This month we want to share pictures our director Janine took while in Washington, DC in June. After a week of meetings with government officials about public land issues, Janine visited the Chesapeake & Ohio Canal in historic Georgetown. Western Lands has been following a proposed land trade along the canal between the National Park Service and Georgetown University. Local groups are fighting the deal and Western Lands will be working with them to review the environmental analysis once it is released. Take a look at the brief history and photos of the C & O below.
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Thank you for your interest. Joanne Hedou, Program Coordinator, Western Lands
The Chesapeake & Ohio (C & O) was used for transport of goods to Washington DC from the early 1800's to 1924. Mules walking along the towpaths (where pedestrians walk in this photo) would pull barges that carried agricultural products, building materials, coal, and other goods. The canal—which extends along the north bank of the Potomac River from Washington, DC to Cumberland, MD—was used until it was damaged by floods in 1924; in 1938 it was sold to the U.S. government. Partially restored, the canal and its towpath were proclaimed a National Monument in 1961 and a National Historical Park in 1971. The late Justice William O. Douglas was a leading and tireless advocate for C&O protection.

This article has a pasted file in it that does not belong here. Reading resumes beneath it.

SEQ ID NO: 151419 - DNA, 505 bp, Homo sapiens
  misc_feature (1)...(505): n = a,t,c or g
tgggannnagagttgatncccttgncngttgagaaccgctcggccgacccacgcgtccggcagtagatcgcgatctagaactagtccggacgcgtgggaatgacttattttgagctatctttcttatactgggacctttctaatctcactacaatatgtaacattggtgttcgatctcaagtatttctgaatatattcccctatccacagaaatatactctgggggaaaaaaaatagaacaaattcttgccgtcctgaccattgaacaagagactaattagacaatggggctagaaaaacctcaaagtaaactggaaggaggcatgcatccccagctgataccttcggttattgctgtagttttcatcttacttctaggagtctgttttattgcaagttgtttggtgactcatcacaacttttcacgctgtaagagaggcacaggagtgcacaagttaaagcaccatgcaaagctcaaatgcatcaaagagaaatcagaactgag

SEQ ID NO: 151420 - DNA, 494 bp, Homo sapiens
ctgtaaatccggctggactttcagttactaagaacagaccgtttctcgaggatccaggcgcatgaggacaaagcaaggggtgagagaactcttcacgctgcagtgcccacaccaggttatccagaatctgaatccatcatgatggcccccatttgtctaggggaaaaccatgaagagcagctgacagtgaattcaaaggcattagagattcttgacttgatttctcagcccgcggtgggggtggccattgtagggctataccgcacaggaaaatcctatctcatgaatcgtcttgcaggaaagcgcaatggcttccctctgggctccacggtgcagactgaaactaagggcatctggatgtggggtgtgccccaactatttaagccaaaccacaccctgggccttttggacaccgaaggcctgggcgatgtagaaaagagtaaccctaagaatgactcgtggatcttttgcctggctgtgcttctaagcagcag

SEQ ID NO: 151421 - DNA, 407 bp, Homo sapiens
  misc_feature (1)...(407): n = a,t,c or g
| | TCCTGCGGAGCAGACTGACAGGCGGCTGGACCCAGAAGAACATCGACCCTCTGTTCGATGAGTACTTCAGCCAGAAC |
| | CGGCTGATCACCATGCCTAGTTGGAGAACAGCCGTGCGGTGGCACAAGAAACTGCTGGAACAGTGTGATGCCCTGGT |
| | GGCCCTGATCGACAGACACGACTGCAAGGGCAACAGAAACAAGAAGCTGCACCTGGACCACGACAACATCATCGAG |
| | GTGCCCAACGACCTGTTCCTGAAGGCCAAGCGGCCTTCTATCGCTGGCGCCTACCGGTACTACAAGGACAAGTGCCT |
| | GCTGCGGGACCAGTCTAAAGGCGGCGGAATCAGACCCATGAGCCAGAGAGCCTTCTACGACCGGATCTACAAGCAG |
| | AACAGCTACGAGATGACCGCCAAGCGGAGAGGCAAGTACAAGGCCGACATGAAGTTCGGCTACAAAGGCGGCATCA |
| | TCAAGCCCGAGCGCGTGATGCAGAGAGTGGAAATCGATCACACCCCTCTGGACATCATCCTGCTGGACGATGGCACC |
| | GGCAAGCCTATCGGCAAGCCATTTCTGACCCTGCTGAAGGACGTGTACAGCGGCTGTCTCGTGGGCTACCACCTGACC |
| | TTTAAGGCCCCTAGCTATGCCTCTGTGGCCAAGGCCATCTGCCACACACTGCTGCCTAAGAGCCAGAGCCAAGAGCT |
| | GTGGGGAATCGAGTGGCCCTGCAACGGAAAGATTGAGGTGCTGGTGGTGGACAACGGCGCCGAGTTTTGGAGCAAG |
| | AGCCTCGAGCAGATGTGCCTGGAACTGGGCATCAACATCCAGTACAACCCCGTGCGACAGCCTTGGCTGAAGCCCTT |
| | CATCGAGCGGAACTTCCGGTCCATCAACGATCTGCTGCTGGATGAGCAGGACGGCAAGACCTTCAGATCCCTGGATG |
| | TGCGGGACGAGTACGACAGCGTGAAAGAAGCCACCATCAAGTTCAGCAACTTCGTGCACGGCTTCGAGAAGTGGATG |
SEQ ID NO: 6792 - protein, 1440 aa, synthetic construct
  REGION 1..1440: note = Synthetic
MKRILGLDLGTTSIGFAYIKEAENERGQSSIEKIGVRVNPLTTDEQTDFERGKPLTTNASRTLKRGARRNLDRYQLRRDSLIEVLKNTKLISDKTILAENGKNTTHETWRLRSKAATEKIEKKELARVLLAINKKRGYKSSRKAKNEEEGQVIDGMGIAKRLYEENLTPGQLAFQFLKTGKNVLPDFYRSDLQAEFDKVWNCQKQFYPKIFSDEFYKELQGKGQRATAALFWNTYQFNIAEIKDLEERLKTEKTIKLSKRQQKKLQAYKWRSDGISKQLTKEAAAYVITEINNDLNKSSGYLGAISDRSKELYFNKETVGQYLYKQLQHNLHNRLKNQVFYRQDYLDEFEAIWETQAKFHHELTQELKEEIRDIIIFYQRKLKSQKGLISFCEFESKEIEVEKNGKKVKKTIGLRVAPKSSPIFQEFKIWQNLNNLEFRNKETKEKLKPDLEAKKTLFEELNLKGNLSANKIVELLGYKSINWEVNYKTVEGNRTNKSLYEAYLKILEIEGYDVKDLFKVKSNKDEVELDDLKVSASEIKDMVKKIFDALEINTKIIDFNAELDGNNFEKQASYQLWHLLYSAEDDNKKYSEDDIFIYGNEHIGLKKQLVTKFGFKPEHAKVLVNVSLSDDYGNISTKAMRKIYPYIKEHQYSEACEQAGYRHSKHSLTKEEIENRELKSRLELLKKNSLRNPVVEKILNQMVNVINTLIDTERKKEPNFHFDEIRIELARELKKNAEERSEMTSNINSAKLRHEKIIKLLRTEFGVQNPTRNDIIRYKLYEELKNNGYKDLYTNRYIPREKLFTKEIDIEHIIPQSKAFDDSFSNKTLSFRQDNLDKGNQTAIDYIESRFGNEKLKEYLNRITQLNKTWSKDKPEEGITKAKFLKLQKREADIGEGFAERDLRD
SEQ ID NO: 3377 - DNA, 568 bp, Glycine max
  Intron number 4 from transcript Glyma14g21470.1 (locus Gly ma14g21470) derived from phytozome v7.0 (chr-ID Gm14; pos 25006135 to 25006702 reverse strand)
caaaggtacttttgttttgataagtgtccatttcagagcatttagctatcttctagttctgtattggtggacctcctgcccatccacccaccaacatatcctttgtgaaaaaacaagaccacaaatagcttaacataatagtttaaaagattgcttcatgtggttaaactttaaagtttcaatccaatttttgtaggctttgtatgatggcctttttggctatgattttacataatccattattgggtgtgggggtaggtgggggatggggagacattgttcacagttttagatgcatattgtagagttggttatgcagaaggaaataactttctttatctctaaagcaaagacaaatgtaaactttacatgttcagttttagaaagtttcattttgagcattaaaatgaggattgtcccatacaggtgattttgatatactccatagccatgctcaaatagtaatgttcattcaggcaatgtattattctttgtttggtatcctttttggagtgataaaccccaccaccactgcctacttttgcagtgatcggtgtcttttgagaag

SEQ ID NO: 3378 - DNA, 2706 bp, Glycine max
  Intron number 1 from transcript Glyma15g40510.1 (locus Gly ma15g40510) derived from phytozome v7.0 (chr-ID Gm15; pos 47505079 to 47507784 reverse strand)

As mentioned in our latest newsletter, Georgetown University wants to build a new boathouse near the scenic entrance to the C & O National Historical Park on land that GU would acquire through a land trade with the Park Service. Building the new boathouse at GU’s chosen site would have a significant impact on the views and vegetation along the canal, and has the potential to increase damage from floods during and after construction. Advocates for canal protection are working to raise public awareness of the plan. Their website shows how the new boathouse would look on the proposed site.
The photos below show a pilot pulling a barge under a bridge, people walking on the towpath above where the GU boathouse would be built, and the towpath and locks in Georgetown.
"The C&O is a real refuge in that very intense city. Being there reminded me that public land in all forms and sizes does the essential work of bringing us down to earth." Janine Blaeloch, Director, Western Lands